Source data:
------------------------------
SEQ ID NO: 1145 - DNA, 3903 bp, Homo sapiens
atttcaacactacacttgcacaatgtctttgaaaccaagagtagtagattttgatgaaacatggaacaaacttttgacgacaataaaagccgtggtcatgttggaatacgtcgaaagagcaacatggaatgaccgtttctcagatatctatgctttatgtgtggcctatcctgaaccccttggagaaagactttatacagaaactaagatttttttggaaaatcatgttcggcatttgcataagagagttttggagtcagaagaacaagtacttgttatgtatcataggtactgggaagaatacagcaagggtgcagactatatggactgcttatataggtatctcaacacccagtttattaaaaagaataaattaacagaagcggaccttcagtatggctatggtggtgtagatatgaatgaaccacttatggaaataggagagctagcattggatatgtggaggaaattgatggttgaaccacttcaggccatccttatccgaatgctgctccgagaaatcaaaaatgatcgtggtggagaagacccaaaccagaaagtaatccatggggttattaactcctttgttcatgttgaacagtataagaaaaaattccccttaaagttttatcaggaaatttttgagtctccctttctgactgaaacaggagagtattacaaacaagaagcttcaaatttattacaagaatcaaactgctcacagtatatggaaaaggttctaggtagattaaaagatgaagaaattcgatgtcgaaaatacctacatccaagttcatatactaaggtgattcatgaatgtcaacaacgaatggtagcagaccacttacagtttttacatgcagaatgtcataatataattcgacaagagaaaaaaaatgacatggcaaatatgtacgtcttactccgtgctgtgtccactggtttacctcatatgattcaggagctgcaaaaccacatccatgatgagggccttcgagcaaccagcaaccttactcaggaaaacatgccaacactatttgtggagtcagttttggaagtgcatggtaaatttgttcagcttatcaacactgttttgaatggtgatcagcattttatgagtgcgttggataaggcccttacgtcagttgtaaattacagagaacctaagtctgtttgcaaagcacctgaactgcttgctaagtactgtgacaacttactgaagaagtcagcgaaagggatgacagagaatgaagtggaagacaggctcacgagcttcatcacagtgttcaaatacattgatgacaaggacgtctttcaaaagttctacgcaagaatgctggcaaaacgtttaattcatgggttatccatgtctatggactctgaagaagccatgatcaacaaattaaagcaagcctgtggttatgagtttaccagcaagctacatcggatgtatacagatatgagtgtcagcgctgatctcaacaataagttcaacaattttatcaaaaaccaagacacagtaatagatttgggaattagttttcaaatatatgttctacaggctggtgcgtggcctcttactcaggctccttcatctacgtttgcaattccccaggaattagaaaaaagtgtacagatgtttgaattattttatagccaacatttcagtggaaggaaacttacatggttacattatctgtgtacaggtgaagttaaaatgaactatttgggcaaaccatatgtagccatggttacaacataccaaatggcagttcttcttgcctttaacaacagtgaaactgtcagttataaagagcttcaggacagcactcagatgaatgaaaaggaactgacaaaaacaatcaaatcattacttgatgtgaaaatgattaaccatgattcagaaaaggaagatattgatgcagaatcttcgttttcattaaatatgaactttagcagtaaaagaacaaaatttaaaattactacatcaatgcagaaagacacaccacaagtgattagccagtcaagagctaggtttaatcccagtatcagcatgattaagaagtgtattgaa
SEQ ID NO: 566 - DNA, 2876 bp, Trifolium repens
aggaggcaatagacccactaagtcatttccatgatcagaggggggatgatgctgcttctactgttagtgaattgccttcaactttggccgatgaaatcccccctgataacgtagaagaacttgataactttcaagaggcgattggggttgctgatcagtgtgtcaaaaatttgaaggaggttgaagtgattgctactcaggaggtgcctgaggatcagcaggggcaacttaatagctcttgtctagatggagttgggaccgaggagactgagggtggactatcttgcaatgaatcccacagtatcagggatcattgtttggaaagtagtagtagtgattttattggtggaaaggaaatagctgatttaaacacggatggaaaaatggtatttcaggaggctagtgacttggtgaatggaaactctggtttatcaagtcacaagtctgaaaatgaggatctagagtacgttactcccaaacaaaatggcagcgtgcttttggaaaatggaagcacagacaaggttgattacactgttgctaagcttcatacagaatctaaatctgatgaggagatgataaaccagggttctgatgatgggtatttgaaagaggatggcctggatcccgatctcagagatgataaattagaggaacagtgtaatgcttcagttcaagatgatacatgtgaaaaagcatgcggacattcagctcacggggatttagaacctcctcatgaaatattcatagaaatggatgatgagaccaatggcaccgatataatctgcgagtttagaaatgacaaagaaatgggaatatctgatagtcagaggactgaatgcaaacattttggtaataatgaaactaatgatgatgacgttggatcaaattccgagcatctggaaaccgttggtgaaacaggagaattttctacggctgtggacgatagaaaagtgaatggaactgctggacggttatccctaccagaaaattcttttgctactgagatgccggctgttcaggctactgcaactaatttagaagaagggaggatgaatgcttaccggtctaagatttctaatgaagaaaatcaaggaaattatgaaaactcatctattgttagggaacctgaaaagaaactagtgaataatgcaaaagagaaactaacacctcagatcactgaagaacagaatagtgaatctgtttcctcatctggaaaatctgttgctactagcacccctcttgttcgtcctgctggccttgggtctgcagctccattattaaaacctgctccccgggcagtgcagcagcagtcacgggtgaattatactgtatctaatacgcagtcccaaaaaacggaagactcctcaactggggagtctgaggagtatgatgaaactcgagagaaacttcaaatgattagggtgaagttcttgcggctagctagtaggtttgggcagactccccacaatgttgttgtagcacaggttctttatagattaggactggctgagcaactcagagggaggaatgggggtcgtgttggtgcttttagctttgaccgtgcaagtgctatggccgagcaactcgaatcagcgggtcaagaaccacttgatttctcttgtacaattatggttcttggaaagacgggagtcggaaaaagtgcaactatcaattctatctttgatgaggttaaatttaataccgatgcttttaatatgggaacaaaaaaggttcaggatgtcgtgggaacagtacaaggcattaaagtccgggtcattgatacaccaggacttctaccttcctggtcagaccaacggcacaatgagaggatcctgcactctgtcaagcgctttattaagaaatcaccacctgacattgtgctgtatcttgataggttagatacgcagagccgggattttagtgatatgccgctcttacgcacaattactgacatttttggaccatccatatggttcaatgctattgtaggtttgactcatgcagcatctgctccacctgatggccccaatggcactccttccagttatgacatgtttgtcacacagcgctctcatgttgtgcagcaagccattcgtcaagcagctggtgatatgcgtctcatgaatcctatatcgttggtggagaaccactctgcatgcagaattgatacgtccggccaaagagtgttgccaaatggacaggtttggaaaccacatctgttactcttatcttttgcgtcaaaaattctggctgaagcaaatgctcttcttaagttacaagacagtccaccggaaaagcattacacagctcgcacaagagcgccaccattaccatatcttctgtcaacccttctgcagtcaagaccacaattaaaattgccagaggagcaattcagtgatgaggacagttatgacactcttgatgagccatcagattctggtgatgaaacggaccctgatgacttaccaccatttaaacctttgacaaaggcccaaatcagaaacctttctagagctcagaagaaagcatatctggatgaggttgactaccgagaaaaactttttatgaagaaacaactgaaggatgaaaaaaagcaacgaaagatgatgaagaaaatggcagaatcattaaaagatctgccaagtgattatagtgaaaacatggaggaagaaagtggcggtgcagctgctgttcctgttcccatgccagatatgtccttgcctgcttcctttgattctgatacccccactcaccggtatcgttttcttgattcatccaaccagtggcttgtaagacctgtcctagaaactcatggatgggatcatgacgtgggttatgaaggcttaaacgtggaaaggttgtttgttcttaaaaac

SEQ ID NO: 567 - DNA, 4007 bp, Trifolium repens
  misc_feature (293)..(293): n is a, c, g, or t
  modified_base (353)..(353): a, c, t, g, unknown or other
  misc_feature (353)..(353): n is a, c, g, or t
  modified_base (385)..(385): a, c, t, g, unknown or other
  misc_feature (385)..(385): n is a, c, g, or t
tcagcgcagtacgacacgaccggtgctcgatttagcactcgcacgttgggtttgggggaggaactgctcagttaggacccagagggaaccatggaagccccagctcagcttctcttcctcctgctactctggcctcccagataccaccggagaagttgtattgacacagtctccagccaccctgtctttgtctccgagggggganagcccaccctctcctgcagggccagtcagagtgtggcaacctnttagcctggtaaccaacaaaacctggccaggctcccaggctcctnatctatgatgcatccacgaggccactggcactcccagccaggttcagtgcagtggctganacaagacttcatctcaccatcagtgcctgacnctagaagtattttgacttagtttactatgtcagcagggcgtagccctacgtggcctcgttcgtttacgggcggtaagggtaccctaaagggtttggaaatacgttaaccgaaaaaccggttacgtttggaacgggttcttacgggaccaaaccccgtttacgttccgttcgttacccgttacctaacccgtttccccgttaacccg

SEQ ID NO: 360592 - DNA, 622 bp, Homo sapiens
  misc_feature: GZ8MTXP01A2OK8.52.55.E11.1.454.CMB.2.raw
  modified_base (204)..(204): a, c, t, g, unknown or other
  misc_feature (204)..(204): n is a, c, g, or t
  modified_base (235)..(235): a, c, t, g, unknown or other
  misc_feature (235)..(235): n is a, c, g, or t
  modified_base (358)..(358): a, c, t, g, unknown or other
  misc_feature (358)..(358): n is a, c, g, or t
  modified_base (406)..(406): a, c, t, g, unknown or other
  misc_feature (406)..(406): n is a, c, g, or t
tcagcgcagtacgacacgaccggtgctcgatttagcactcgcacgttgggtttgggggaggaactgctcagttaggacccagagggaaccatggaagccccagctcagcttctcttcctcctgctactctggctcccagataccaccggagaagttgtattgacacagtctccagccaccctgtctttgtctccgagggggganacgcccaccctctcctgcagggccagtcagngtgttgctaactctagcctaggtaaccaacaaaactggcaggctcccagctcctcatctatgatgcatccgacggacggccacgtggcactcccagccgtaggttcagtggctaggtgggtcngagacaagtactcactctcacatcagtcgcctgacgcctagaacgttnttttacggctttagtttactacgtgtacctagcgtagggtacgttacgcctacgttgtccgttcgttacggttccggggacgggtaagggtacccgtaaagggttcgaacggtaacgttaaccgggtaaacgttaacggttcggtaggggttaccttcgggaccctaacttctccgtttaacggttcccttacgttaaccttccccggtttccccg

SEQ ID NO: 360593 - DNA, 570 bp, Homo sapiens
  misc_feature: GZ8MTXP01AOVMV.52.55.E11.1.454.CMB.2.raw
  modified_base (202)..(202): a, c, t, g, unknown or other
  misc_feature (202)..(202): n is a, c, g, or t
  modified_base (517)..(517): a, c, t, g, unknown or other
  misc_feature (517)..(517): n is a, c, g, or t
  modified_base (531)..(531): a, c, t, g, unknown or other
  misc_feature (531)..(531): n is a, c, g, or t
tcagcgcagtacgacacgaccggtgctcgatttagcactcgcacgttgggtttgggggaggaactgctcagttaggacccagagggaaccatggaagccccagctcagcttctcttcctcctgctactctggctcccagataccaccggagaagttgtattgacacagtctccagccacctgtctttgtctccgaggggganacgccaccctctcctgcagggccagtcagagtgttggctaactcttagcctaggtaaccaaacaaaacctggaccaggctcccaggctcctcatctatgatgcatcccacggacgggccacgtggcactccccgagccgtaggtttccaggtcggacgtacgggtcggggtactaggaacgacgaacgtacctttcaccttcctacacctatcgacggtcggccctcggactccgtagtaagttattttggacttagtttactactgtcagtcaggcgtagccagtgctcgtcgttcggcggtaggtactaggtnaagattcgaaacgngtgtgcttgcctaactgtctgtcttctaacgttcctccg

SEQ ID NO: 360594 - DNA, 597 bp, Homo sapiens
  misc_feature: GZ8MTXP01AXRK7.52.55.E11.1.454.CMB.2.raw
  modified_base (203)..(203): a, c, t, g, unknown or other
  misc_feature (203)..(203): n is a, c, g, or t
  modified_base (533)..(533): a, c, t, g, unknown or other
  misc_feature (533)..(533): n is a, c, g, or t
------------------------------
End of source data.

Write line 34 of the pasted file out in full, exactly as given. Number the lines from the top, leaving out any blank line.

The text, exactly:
  modified_base (203)..(203): a, c, t, g, unknown or other